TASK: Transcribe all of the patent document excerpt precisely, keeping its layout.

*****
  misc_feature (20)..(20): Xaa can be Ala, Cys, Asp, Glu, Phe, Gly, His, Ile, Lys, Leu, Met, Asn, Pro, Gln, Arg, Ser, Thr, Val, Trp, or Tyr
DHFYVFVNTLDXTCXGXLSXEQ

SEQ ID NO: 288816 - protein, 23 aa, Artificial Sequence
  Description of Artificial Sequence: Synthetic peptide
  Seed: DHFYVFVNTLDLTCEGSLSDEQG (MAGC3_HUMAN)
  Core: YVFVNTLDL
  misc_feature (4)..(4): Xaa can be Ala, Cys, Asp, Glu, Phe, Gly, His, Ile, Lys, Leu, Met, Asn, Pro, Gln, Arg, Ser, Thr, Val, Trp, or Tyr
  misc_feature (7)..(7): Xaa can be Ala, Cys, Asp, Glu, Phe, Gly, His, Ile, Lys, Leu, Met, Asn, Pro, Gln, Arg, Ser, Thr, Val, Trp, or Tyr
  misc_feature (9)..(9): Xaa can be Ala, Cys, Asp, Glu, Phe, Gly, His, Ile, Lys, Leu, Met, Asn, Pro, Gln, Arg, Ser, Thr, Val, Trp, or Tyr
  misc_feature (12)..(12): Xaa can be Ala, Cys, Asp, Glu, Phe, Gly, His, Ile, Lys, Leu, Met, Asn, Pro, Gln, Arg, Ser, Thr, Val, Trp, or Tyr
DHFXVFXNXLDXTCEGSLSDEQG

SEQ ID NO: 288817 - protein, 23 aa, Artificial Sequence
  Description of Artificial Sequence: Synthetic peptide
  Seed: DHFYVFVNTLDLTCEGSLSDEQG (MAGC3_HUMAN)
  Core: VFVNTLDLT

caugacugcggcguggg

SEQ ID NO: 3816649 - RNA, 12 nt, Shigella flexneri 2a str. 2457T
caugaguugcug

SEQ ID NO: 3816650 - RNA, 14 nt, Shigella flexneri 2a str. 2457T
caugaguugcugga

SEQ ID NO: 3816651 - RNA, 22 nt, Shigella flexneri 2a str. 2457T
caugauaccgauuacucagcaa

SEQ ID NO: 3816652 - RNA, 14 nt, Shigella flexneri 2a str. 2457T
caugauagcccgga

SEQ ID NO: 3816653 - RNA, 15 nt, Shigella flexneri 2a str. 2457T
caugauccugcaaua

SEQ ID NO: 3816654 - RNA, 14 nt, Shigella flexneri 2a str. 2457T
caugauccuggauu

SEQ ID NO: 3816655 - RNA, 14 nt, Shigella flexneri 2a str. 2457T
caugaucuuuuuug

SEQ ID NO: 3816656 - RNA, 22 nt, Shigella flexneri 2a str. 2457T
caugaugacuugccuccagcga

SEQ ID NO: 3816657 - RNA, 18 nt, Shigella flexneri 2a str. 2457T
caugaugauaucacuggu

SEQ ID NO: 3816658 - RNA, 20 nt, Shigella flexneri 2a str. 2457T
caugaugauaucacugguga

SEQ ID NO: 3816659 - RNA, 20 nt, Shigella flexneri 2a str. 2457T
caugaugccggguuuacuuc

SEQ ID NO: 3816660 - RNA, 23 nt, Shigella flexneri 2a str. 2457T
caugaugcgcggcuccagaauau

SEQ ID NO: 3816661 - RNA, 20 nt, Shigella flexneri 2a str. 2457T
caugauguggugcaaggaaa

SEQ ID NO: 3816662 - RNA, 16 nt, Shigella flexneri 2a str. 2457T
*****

  misc_feature (20)..(20): Xaa can be Ala, Cys, Asp, Glu, Phe, Gly, His, Ile, Lys, Leu, Met, Asn, Pro, Gln, Arg, Ser, Thr, Val, Trp, or Tyr
DHFYVFVNTLDXTCXGXLSXEQ

SEQ ID NO: 288816 - protein, 23 aa, Artificial Sequence
  Description of Artificial Sequence: Synthetic peptide
  Seed: DHFYVFVNTLDLTCEGSLSDEQG (MAGC3_HUMAN)
  Core: YVFVNTLDL
  misc_feature (4)..(4): Xaa can be Ala, Cys, Asp, Glu, Phe, Gly, His, Ile, Lys, Leu, Met, Asn, Pro, Gln, Arg, Ser, Thr, Val, Trp, or Tyr
  misc_feature (7)..(7): Xaa can be Ala, Cys, Asp, Glu, Phe, Gly, His, Ile, Lys, Leu, Met, Asn, Pro, Gln, Arg, Ser, Thr, Val, Trp, or Tyr
  misc_feature (9)..(9): Xaa can be Ala, Cys, Asp, Glu, Phe, Gly, His, Ile, Lys, Leu, Met, Asn, Pro, Gln, Arg, Ser, Thr, Val, Trp, or Tyr
  misc_feature (12)..(12): Xaa can be Ala, Cys, Asp, Glu, Phe, Gly, His, Ile, Lys, Leu, Met, Asn, Pro, Gln, Arg, Ser, Thr, Val, Trp, or Tyr
DHFXVFXNXLDXTCEGSLSDEQG

SEQ ID NO: 288817 - protein, 23 aa, Artificial Sequence
  Description of Artificial Sequence: Synthetic peptide
  Seed: DHFYVFVNTLDLTCEGSLSDEQG (MAGC3_HUMAN)
  Core: VFVNTLDLT

caugacugcggcguggg

SEQ ID NO: 3816649 - RNA, 12 nt, Shigella flexneri 2a str. 2457T
caugaguugcug

SEQ ID NO: 3816650 - RNA, 14 nt, Shigella flexneri 2a str. 2457T
caugaguugcugga

SEQ ID NO: 3816651 - RNA, 22 nt, Shigella flexneri 2a str. 2457T
caugauaccgauuacucagcaa

SEQ ID NO: 3816652 - RNA, 14 nt, Shigella flexneri 2a str. 2457T
caugauagcccgga

SEQ ID NO: 3816653 - RNA, 15 nt, Shigella flexneri 2a str. 2457T
caugauccugcaaua

SEQ ID NO: 3816654 - RNA, 14 nt, Shigella flexneri 2a str. 2457T
caugauccuggauu

SEQ ID NO: 3816655 - RNA, 14 nt, Shigella flexneri 2a str. 2457T
caugaucuuuuuug

SEQ ID NO: 3816656 - RNA, 22 nt, Shigella flexneri 2a str. 2457T
caugaugacuugccuccagcga

SEQ ID NO: 3816657 - RNA, 18 nt, Shigella flexneri 2a str. 2457T
caugaugauaucacuggu

SEQ ID NO: 3816658 - RNA, 20 nt, Shigella flexneri 2a str. 2457T
caugaugauaucacugguga

SEQ ID NO: 3816659 - RNA, 20 nt, Shigella flexneri 2a str. 2457T
caugaugccggguuuacuuc

SEQ ID NO: 3816660 - RNA, 23 nt, Shigella flexneri 2a str. 2457T
caugaugcgcggcuccagaauau

SEQ ID NO: 3816661 - RNA, 20 nt, Shigella flexneri 2a str. 2457T
caugauguggugcaaggaaa

SEQ ID NO: 3816662 - RNA, 16 nt, Shigella flexneri 2a str. 2457T